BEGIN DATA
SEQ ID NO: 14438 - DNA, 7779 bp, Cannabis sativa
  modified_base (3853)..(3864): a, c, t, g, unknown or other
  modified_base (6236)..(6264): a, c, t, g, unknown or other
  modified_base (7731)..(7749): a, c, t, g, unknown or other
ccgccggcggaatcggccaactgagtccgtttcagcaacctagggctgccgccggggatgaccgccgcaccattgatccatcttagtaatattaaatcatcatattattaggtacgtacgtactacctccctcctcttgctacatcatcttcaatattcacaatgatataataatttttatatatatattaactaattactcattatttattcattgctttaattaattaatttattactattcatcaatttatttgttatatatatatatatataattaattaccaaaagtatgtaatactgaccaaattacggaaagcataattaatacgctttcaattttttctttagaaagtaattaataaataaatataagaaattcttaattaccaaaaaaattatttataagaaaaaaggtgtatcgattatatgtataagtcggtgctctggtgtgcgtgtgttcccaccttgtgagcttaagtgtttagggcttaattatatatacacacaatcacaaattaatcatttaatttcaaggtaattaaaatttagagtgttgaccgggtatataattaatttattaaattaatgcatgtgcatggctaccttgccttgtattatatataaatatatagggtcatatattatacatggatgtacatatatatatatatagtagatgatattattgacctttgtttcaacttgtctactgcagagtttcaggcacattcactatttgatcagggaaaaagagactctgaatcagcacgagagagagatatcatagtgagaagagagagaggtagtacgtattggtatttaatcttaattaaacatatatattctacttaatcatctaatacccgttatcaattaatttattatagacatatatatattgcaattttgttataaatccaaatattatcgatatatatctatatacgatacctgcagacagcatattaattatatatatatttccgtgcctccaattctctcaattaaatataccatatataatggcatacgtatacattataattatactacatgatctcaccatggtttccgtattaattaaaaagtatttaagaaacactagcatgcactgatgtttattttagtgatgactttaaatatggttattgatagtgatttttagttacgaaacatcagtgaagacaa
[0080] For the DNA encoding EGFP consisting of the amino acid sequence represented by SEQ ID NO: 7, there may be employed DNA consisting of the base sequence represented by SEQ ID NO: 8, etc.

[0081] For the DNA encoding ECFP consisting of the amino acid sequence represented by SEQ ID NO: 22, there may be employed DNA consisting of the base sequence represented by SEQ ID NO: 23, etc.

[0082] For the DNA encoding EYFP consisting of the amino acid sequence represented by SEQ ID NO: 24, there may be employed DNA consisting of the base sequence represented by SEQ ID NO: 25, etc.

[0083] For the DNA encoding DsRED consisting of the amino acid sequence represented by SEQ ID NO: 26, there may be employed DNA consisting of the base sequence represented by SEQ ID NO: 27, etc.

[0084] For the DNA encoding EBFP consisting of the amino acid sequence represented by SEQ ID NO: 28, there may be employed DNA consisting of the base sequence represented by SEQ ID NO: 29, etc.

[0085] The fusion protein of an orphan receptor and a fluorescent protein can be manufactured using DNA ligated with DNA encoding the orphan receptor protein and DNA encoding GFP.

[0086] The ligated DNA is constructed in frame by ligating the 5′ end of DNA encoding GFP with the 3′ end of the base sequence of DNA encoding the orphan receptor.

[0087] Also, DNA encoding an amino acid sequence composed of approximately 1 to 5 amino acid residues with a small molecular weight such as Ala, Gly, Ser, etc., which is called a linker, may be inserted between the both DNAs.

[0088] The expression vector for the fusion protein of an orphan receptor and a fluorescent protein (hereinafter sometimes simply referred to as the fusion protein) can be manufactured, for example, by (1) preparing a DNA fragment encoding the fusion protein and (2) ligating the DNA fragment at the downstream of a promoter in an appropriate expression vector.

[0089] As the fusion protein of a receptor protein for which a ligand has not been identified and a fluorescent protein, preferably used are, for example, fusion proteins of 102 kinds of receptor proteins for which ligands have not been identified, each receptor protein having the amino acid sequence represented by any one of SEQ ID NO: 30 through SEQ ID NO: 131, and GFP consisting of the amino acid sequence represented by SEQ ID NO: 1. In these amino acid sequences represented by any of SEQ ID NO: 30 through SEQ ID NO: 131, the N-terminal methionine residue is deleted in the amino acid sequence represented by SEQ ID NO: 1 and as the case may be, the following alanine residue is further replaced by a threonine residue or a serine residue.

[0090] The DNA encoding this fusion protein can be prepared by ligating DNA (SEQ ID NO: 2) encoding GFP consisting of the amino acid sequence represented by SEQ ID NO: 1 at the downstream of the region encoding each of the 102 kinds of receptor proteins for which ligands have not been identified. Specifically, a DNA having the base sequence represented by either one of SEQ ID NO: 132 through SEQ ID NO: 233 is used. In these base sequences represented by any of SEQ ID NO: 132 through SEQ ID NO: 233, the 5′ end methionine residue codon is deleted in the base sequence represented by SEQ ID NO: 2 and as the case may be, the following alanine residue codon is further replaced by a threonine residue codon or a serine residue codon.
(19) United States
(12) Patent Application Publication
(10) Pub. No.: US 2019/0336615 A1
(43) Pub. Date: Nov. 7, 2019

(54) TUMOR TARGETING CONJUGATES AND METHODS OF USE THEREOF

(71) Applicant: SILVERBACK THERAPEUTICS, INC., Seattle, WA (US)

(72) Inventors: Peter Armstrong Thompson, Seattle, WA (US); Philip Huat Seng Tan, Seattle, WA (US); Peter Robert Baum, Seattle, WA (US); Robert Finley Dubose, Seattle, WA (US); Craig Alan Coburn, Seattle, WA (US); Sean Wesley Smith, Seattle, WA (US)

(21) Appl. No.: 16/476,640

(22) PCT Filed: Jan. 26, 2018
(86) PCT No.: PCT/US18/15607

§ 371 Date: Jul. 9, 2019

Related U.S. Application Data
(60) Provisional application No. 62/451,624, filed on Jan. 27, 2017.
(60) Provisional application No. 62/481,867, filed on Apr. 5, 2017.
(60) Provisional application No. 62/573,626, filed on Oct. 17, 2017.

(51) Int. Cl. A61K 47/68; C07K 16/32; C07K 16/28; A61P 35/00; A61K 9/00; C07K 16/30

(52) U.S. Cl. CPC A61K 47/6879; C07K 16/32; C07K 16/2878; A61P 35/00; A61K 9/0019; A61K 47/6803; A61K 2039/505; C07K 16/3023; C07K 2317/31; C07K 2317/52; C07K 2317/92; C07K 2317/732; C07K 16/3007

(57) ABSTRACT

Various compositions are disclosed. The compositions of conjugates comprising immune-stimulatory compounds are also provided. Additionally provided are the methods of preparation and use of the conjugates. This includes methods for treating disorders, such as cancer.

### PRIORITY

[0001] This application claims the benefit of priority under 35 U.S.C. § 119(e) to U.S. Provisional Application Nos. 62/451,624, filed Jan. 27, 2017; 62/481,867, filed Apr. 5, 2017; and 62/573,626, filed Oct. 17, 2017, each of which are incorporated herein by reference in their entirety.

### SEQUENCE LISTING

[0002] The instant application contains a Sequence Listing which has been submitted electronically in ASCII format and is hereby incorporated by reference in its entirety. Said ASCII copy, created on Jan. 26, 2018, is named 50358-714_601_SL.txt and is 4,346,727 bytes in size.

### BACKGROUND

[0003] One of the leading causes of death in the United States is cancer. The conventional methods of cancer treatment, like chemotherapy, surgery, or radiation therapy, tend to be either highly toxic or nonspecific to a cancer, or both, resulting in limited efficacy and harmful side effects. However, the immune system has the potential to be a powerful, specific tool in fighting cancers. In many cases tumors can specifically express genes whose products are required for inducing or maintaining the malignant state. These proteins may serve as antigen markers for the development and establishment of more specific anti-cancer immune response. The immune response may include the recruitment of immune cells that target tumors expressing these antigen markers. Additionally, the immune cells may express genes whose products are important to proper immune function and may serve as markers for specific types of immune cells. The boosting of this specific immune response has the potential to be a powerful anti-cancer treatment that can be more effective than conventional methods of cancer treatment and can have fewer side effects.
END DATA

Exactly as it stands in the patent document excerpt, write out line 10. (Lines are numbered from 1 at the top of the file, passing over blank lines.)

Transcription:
[0084] For the DNA encoding EBFP consisting of the amino acid sequence represented by SEQ ID NO: 28, there may be employed DNA consisting of the base sequence represented by SEQ ID NO: 29, etc.